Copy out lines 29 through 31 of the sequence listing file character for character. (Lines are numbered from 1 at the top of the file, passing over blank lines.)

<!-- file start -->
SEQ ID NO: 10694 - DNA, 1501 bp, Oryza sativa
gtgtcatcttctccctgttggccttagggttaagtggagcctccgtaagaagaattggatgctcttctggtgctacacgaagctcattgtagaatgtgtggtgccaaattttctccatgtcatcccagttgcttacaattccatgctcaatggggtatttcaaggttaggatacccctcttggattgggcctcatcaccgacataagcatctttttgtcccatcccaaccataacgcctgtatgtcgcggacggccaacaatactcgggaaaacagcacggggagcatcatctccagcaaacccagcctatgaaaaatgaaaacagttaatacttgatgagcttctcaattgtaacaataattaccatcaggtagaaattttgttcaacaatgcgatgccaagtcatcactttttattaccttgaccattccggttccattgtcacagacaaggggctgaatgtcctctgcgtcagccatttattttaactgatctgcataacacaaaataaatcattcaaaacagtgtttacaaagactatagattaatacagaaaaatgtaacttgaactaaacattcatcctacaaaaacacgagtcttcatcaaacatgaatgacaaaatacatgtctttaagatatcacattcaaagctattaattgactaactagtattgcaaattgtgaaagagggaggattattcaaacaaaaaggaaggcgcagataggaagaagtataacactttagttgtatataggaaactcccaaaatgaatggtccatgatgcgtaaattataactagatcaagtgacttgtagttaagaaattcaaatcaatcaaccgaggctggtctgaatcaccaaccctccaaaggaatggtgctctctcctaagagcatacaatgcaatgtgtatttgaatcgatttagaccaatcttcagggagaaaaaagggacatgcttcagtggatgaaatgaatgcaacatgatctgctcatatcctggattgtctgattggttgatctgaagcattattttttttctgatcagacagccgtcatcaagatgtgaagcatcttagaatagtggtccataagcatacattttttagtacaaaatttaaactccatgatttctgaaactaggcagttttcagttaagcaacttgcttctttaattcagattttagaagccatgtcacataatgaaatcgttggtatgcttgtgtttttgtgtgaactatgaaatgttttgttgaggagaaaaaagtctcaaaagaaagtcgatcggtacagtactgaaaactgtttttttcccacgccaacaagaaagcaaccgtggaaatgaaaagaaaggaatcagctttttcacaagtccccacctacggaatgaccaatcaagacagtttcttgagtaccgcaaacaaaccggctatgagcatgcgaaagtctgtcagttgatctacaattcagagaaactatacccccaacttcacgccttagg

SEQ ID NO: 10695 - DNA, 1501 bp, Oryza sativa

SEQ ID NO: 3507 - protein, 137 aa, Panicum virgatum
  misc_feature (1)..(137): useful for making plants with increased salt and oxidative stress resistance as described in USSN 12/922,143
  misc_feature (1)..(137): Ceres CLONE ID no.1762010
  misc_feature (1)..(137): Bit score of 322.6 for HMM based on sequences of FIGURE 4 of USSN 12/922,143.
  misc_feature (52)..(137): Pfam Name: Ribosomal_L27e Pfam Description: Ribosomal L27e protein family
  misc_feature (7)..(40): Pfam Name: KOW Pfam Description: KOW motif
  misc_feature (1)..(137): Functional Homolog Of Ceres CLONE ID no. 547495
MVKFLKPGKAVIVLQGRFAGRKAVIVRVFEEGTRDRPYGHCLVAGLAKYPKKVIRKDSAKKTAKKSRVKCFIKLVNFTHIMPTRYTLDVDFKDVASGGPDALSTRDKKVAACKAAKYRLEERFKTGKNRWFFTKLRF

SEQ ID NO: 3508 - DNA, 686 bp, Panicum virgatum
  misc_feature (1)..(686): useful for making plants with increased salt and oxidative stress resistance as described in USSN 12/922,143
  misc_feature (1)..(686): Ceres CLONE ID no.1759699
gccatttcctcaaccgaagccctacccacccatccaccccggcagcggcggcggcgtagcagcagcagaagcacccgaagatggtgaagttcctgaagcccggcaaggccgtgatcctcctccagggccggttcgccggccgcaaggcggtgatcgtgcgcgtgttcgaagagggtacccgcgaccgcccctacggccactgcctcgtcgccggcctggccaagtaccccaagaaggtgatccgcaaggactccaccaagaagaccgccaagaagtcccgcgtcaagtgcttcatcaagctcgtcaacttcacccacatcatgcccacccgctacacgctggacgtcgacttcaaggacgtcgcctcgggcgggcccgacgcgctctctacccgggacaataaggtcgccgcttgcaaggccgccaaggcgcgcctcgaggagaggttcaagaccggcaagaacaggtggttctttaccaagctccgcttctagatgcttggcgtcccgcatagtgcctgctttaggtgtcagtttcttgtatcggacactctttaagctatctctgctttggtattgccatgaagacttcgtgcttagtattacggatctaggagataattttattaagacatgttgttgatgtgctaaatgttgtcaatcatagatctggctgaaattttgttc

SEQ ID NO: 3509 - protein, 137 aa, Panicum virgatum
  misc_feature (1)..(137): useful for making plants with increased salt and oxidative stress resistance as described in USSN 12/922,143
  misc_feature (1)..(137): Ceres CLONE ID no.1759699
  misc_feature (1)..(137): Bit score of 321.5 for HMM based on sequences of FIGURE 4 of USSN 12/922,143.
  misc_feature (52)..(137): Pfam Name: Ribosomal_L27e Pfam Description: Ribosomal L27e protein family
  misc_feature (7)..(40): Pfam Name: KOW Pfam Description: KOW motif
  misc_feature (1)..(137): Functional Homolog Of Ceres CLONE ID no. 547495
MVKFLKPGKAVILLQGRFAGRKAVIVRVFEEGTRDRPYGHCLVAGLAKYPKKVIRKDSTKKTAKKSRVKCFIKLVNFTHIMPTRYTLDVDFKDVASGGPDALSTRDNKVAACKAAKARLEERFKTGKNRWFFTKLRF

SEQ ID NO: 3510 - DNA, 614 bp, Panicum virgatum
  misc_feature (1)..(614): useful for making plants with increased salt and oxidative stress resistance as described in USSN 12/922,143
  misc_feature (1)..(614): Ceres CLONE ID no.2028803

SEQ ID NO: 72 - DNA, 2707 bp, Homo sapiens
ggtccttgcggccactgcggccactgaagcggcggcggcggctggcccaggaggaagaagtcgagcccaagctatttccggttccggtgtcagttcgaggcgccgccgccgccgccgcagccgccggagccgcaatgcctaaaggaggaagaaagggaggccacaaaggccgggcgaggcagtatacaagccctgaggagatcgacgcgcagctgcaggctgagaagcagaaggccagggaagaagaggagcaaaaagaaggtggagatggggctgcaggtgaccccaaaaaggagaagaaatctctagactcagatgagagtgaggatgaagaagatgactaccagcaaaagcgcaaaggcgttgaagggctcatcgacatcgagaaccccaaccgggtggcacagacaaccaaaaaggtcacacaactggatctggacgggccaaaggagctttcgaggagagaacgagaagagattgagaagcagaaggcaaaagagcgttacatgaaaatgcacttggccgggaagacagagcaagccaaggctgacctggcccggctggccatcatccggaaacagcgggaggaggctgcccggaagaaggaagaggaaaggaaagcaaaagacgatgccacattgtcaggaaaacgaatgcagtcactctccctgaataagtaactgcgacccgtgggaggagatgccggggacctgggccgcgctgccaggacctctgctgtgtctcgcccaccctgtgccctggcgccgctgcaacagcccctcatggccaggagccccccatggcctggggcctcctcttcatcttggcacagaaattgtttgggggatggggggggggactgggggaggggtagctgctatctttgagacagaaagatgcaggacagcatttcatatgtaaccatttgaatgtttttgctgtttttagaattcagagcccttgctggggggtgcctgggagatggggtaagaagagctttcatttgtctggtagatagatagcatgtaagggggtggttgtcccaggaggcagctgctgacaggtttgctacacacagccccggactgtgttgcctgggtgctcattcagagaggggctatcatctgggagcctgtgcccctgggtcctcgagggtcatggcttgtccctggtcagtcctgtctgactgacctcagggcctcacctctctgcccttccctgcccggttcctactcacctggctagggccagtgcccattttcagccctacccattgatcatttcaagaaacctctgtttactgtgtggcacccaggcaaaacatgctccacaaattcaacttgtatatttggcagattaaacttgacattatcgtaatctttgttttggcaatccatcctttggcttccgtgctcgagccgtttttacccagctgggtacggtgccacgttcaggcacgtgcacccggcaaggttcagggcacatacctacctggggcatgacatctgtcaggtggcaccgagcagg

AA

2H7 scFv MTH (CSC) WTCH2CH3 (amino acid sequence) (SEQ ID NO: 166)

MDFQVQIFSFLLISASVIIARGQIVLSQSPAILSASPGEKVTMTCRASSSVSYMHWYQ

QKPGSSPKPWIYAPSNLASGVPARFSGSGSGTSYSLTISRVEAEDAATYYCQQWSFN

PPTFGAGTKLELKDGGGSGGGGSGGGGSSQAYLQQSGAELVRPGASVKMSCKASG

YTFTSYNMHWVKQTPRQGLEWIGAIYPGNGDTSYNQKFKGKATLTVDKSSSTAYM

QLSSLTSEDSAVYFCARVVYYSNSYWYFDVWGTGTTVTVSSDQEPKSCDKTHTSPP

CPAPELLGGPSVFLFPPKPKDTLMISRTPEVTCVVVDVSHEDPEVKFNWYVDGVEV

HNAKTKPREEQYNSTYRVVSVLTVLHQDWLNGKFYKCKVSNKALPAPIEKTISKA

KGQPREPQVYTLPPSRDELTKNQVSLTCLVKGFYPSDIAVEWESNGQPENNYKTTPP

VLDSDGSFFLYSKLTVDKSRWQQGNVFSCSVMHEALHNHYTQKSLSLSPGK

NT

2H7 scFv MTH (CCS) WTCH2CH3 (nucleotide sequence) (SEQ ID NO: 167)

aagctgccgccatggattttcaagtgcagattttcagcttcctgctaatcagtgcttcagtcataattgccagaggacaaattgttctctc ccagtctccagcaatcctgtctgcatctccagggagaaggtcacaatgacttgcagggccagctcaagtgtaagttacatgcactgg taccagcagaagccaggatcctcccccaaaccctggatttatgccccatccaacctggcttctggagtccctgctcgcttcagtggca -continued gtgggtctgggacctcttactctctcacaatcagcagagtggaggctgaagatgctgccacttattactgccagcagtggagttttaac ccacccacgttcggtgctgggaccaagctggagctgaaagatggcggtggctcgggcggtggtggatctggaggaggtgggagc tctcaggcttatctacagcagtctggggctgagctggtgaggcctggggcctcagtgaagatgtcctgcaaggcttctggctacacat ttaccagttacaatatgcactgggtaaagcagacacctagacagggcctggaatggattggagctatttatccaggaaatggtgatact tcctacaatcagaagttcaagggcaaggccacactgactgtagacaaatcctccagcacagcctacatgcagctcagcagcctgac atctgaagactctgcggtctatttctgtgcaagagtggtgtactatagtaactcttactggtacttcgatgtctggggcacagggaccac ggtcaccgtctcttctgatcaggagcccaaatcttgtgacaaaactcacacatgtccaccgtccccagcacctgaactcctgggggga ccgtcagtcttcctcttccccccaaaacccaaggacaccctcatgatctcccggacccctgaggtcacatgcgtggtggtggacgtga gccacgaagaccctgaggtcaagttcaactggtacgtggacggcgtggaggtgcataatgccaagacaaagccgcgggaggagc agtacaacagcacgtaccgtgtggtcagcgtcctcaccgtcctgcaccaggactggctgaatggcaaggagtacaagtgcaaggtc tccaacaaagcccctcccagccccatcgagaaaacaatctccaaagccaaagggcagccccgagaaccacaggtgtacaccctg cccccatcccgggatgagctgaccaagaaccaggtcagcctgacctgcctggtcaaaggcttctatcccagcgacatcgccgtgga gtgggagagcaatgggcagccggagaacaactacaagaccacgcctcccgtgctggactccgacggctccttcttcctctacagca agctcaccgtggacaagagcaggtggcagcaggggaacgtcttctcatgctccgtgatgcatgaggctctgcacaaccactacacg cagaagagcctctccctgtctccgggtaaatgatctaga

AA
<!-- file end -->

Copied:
AA

2H7 scFv MTH (CSC) WTCH2CH3 (amino acid sequence) (SEQ ID NO: 166)

MDFQVQIFSFLLISASVIIARGQIVLSQSPAILSASPGEKVTMTCRASSSVSYMHWYQ